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Trademark protection for EU organic label expired

by Leo Frühschütz (comments: 0)

It is emblazoned on all organic products in the EU and has now lost its brand protection: the EU organic logo.

The Office of the European Union for Intellectual Property (EUIPO) has deleted the EU organic label as a company trademark. Sounds strange – because it is emblazoned on every organic food in the EU after all. However, this will stay that way, because the decision actually is about something else: protecting the logo in the right category and outside the EU.

The EU made several mistakes

“The European Commission has failed to properly protect the EU organic logo. Especially in third countries, where EU organic products with the EU organic logo are delivered, there is a lack of trademark protection,” says lawyer Hanspeter Schmidt. In 2016, the Commission itself introduced the category of the EU warranty brand in addition to the company brand, but then failed to protect the EU organic logo in it. In China and many other third countries where EU organic products are popular, there is a lack of protection: If someone wrongly sells products with the EU organic logo there, the EU Commission has no legal means to prevent this.

Proof of logo usage is missing

To point this out, the lawyer chose the path via trademark law. In 2012, the Commission registered its organic label as a trademark with the EUIPO. The office's rules state that anyone can request cancellation of a trademark if it has not been used for five years. Schmidt did this for an organic farmer who supplies baby food manufacturers who export all over the world. In 2012, the EU organic logo was registered as a company trademark. It should have been used in such a way as to indicate the origin of the product from a particular company. This was not the purpose of the EU organic logo, which signals compliance with EU organic law by everyone who uses it. Therefore, the Trademark Office decided that the trademark registered in 2012 should be cancelled due to non-use.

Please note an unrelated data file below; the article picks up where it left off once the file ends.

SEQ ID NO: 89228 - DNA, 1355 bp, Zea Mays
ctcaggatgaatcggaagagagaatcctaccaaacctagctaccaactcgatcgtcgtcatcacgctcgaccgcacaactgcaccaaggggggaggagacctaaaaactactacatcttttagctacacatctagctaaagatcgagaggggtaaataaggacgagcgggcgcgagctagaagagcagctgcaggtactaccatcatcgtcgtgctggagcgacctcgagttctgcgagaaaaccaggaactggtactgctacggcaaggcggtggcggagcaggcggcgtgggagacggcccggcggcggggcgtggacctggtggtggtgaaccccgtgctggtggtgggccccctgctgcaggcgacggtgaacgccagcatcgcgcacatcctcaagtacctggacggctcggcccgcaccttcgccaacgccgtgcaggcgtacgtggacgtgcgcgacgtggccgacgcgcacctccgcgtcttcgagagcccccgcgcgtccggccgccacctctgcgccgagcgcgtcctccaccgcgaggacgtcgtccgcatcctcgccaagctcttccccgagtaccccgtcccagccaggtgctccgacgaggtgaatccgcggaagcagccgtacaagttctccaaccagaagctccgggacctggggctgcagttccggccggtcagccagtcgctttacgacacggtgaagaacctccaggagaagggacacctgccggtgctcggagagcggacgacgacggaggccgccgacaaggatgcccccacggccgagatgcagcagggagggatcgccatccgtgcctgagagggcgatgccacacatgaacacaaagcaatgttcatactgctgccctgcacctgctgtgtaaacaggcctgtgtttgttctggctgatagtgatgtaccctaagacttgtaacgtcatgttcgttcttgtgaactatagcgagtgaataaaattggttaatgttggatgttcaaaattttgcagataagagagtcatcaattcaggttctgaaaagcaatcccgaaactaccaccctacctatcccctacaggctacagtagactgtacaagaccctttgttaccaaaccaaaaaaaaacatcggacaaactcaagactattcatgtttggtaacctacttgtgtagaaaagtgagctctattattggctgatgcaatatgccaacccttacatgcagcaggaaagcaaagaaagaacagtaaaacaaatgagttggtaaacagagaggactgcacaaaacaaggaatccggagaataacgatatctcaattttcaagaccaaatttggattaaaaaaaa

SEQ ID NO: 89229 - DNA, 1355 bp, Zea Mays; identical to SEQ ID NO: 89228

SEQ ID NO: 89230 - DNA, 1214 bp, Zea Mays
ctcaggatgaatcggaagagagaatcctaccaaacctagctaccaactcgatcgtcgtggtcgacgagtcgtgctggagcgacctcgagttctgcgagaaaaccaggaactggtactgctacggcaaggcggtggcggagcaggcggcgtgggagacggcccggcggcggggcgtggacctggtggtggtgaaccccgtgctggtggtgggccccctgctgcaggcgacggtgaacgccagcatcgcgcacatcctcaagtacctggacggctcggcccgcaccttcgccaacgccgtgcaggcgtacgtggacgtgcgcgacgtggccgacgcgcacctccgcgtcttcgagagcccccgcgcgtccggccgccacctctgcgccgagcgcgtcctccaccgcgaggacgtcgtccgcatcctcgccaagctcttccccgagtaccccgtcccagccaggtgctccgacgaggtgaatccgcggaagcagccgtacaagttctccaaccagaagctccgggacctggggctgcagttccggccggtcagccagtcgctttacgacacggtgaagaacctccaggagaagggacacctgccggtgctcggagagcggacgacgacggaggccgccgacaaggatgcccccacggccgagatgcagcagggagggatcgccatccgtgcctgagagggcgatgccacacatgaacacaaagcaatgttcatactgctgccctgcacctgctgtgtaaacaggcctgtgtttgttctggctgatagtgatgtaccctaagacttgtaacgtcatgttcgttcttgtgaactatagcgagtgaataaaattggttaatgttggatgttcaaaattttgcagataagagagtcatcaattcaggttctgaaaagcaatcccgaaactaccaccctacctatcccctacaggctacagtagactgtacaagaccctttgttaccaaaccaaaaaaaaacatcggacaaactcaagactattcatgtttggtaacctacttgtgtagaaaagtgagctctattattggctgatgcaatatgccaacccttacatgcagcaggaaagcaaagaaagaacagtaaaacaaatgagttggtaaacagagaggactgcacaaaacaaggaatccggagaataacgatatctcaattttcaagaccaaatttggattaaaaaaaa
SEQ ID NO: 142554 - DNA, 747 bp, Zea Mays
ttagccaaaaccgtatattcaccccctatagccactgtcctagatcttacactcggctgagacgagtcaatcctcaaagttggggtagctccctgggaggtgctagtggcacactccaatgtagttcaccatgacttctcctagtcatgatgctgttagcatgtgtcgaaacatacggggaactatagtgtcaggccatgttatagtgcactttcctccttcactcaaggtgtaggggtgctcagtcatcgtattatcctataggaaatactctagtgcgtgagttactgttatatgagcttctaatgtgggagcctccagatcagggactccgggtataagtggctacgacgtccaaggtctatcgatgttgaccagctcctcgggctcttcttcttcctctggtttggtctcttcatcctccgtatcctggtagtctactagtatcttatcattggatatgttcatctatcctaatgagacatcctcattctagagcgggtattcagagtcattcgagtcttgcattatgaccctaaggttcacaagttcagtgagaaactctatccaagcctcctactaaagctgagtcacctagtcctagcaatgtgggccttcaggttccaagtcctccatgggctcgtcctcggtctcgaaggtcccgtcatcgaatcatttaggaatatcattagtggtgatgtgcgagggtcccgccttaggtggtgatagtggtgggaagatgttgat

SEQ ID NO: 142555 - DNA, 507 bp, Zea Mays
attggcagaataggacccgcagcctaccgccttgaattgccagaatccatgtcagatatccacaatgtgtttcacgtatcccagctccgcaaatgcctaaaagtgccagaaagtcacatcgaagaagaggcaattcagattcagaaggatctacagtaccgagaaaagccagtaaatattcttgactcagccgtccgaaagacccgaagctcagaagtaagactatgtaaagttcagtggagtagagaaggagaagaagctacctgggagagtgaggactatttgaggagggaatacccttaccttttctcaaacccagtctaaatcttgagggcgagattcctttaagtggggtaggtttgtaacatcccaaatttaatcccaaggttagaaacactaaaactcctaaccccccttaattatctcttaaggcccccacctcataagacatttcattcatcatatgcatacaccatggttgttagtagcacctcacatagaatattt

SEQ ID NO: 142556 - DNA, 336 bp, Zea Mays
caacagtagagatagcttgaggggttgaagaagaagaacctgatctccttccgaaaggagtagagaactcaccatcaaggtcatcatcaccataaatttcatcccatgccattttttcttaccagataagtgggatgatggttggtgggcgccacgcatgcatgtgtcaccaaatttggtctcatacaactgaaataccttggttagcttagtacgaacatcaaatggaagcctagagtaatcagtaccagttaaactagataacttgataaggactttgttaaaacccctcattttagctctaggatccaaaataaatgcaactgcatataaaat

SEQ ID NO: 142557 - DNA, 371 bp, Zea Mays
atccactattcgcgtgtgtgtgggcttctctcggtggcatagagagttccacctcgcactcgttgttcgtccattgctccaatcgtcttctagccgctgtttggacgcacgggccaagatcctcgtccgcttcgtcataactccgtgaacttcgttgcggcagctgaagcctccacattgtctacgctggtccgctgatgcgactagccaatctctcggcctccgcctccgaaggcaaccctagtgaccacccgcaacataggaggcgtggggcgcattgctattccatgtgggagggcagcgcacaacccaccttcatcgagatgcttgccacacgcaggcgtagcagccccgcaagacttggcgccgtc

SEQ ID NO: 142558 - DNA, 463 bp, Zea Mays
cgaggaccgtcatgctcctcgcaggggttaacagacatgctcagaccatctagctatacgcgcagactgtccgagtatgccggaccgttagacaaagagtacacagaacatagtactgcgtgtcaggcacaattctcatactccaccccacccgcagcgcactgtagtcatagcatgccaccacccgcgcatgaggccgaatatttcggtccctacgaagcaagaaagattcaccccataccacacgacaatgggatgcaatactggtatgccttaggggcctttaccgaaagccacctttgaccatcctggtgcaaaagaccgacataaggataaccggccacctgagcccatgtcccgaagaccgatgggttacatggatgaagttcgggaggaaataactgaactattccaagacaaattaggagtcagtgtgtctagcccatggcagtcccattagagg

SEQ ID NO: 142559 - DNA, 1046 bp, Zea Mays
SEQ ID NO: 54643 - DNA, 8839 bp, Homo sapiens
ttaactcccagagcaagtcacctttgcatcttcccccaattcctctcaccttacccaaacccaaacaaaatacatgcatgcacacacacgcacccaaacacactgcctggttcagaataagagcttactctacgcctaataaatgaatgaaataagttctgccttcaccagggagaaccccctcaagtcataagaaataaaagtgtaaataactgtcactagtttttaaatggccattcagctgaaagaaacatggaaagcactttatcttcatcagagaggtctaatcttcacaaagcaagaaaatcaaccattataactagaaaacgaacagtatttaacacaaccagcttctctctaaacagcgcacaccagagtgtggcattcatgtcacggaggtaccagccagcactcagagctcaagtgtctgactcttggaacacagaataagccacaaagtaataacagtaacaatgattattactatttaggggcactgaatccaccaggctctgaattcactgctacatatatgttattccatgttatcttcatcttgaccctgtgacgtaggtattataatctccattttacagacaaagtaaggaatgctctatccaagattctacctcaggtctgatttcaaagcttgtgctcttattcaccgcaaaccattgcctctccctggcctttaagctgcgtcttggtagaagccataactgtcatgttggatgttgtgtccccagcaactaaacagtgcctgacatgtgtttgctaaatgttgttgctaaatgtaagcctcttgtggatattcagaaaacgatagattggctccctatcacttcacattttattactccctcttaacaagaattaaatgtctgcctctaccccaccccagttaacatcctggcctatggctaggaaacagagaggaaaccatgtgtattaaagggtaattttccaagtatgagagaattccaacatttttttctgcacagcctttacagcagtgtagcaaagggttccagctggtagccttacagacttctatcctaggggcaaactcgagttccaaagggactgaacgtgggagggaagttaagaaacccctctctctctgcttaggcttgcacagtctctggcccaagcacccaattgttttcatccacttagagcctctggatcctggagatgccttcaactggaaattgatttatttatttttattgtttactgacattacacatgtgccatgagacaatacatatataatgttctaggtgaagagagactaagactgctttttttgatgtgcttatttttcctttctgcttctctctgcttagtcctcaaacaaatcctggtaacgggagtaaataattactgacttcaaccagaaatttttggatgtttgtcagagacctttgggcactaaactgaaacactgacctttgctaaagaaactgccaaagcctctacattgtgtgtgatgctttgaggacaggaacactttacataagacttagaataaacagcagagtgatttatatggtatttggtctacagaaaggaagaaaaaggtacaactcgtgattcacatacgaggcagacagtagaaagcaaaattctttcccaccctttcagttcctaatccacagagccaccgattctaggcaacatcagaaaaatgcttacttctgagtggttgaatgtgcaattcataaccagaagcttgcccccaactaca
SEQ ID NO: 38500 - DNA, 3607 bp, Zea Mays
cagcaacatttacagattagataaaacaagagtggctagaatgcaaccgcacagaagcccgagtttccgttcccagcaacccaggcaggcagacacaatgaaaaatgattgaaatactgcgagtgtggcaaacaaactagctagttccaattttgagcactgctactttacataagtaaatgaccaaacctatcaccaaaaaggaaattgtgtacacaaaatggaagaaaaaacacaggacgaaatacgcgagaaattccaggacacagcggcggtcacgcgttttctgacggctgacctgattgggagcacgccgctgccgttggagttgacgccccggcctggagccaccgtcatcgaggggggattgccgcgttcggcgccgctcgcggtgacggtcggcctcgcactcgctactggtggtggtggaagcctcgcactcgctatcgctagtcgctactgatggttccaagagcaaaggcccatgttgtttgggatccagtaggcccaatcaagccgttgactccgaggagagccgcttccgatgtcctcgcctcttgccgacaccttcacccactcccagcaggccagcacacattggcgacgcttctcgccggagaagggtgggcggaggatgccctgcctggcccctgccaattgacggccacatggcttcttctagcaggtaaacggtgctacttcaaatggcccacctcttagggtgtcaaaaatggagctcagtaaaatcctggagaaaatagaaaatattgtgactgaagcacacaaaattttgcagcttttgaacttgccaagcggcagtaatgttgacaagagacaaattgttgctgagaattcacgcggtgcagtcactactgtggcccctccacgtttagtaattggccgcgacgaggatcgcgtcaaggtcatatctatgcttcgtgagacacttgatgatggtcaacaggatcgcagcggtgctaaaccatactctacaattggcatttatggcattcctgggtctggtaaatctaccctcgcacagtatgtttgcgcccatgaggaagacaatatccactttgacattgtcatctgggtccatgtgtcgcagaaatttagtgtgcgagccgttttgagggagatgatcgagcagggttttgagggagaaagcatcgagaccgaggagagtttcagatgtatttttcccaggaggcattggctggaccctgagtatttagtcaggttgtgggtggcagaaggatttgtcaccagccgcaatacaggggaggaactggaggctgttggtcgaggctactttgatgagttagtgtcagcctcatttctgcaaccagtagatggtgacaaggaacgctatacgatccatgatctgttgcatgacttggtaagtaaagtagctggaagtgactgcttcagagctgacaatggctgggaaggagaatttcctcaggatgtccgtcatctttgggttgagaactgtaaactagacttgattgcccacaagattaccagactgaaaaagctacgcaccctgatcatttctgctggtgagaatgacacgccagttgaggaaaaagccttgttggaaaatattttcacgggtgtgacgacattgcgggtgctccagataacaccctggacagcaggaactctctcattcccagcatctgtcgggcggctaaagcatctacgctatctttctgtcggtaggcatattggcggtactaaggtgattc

“The European Commission will now, hopefully also urged by the member states, in the first step bring about proper trademark protection for the Union itself and in the second step proper protection for all the important target markets outside the European Union,” says Hanspeter Schmidt. Then his wakeup-call would have fulfilled its purpose.





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